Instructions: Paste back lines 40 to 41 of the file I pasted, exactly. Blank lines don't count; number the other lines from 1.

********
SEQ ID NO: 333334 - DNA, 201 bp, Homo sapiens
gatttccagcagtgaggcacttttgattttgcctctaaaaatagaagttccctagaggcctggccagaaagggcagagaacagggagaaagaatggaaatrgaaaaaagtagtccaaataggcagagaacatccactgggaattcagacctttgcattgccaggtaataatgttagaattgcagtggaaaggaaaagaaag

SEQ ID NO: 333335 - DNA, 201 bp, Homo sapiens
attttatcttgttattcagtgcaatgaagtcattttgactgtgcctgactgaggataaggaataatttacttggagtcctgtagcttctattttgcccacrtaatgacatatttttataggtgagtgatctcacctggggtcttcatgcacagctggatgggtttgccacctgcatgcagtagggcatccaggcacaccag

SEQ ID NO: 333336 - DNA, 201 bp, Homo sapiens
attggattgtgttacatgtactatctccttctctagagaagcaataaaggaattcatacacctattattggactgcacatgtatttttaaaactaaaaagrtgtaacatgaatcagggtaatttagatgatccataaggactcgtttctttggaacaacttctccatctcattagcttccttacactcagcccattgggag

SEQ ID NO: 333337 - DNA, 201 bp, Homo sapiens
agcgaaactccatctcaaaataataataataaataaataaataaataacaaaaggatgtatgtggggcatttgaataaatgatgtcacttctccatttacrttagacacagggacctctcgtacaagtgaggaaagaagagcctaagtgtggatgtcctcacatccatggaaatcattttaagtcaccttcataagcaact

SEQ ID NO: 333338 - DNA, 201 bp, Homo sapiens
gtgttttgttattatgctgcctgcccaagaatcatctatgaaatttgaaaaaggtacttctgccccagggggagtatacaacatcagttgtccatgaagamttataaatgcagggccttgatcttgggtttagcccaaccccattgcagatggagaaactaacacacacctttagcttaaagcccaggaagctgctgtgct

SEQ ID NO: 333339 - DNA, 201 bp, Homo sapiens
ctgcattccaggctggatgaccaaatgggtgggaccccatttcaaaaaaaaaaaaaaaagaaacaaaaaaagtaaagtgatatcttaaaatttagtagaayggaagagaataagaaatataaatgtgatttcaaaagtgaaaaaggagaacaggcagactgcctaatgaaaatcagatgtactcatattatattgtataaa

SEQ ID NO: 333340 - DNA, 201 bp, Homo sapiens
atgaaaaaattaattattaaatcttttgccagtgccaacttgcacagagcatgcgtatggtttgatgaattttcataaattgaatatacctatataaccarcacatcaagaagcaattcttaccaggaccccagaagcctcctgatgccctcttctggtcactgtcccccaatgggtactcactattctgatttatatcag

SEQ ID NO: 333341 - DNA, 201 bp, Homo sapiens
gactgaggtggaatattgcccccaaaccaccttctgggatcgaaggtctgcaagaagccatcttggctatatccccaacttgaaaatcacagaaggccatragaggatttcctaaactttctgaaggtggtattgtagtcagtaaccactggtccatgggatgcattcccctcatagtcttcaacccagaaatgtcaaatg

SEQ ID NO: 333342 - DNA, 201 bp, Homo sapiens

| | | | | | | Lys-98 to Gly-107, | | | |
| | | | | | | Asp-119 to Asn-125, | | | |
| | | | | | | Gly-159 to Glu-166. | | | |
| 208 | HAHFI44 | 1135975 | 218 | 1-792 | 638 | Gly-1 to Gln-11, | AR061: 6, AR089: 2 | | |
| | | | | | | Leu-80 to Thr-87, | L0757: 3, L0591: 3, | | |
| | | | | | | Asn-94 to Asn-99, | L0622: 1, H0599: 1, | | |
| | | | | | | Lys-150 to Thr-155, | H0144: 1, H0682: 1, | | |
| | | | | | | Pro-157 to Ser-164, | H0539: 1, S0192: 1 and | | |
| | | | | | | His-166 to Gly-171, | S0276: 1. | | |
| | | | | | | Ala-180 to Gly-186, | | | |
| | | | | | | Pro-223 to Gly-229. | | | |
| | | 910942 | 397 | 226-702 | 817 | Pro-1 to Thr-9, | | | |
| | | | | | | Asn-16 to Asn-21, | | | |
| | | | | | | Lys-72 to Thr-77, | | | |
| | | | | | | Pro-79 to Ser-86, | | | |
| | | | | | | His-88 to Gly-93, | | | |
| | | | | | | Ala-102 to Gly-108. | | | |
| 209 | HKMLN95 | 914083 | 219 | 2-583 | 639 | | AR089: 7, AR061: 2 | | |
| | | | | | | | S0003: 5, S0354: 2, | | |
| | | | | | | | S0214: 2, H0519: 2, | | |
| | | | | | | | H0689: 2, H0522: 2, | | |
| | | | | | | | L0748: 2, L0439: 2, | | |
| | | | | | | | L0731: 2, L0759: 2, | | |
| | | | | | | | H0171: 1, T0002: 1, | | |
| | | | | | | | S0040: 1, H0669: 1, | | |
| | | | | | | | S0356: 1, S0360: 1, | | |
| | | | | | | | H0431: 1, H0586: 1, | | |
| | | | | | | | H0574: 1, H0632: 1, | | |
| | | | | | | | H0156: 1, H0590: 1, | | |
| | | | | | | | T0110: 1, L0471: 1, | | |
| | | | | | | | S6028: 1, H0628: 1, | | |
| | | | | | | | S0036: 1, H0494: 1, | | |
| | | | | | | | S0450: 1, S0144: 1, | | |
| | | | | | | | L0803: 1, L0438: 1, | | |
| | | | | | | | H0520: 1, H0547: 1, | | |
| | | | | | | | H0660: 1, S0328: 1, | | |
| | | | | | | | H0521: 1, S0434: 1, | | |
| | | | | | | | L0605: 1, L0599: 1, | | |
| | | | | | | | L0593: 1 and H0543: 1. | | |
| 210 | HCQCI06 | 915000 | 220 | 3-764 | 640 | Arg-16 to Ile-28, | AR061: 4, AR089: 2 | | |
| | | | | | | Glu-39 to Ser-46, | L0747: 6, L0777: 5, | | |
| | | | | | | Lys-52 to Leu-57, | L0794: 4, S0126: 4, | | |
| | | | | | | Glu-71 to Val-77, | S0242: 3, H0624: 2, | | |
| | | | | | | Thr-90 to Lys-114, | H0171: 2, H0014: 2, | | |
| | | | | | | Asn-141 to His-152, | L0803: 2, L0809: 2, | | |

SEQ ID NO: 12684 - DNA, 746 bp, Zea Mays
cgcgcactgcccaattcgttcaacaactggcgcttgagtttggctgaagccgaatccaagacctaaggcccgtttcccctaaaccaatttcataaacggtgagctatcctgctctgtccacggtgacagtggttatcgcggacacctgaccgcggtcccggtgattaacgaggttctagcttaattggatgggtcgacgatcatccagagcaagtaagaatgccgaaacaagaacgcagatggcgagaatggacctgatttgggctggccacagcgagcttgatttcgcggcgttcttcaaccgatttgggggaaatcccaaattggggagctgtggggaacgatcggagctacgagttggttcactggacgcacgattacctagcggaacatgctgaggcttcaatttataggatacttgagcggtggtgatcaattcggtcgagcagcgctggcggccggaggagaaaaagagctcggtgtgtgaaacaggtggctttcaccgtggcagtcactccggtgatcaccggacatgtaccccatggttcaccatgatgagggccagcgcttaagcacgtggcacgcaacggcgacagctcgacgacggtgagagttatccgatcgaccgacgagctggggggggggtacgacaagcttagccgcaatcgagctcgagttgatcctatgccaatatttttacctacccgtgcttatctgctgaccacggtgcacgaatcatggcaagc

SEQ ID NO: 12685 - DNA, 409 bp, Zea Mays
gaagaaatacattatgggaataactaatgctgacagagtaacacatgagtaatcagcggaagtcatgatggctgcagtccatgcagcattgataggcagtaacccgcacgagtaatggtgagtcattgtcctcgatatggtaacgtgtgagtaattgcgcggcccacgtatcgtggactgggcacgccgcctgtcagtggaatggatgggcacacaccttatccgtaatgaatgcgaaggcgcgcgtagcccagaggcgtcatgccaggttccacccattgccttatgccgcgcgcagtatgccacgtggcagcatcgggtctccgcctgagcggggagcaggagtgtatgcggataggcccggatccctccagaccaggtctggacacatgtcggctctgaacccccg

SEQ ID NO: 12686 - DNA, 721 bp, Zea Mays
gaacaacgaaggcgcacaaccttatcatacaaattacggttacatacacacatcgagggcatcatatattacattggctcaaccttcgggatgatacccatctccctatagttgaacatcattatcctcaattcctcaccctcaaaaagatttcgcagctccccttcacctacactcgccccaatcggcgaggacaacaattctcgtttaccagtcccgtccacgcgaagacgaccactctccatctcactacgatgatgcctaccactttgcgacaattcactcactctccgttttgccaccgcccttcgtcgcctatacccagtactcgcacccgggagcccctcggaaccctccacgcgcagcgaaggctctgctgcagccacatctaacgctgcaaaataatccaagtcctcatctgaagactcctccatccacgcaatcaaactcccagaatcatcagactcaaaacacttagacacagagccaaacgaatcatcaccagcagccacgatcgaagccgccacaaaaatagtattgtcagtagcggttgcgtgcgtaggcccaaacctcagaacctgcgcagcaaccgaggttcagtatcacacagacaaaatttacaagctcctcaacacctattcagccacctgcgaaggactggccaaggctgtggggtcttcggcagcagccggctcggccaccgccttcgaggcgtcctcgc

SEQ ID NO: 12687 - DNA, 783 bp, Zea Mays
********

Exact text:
| | | | | | | | L0731: 2, L0759: 2, | | |
| | | | | | | | H0171: 1, T0002: 1, | | |